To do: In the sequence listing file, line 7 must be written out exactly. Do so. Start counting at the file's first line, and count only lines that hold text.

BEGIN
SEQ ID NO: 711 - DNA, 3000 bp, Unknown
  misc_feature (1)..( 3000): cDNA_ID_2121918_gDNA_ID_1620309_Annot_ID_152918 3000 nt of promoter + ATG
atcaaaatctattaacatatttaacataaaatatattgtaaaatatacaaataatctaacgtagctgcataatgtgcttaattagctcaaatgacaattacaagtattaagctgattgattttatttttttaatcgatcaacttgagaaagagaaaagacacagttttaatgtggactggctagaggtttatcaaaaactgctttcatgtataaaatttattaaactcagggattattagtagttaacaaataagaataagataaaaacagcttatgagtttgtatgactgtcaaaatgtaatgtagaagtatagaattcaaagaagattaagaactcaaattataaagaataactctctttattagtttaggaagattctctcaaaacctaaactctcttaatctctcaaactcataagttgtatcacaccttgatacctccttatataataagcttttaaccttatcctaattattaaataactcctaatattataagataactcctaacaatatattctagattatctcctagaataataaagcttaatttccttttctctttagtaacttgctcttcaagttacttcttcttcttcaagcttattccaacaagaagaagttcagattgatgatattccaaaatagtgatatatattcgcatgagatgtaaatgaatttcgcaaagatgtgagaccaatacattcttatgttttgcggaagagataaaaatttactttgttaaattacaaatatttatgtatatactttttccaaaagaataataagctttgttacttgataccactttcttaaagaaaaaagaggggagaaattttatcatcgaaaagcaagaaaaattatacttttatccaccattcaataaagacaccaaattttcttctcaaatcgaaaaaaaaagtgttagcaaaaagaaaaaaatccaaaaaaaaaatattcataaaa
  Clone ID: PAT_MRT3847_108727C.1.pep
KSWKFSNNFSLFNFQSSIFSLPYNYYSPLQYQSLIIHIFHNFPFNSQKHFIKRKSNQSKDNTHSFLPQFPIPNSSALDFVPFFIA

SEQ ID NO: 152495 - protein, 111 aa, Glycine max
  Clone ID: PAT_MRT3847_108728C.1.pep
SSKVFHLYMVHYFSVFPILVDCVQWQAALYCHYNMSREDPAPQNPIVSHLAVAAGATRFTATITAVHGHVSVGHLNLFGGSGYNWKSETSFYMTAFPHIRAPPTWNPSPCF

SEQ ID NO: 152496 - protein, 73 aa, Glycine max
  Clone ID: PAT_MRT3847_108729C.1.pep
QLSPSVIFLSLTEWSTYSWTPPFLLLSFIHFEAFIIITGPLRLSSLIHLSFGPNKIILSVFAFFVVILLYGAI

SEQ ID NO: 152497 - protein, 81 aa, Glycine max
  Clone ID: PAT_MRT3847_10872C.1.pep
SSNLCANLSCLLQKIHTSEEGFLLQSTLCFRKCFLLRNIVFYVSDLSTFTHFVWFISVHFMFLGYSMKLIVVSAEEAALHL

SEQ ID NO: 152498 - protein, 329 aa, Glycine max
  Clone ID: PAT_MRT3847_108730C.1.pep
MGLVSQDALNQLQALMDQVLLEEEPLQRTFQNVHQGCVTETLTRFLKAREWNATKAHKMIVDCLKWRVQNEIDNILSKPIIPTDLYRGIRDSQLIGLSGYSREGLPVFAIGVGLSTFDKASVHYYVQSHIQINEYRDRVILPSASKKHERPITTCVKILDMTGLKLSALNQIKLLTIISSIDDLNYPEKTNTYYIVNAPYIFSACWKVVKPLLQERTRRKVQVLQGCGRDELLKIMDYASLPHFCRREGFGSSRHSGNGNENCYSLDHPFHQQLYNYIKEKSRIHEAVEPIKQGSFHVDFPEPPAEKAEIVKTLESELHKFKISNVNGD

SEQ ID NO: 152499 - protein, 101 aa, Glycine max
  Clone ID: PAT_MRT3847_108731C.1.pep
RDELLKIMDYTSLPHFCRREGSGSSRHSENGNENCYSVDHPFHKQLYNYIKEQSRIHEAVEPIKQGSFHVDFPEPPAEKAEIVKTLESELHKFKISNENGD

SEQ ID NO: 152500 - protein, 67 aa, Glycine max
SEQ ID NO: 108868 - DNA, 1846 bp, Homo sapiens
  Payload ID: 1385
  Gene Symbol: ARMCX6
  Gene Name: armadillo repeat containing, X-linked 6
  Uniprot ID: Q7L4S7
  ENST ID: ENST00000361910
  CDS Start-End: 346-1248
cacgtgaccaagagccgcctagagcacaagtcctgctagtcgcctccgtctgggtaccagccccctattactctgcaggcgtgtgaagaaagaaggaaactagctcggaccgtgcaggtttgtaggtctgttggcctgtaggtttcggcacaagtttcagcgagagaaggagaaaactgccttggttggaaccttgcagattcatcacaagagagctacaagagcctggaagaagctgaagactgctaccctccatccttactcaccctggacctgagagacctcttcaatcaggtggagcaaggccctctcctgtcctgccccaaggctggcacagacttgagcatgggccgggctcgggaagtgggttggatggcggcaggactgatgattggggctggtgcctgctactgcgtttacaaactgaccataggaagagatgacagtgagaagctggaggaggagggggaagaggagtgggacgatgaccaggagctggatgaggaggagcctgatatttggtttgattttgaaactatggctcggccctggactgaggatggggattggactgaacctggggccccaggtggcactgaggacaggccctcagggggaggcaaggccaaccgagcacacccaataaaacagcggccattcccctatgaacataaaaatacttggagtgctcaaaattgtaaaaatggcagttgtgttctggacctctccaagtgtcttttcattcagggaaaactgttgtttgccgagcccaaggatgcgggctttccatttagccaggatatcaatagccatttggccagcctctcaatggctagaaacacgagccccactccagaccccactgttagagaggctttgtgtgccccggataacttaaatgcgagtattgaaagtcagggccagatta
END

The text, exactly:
  Clone ID: PAT_MRT3847_108728C.1.pep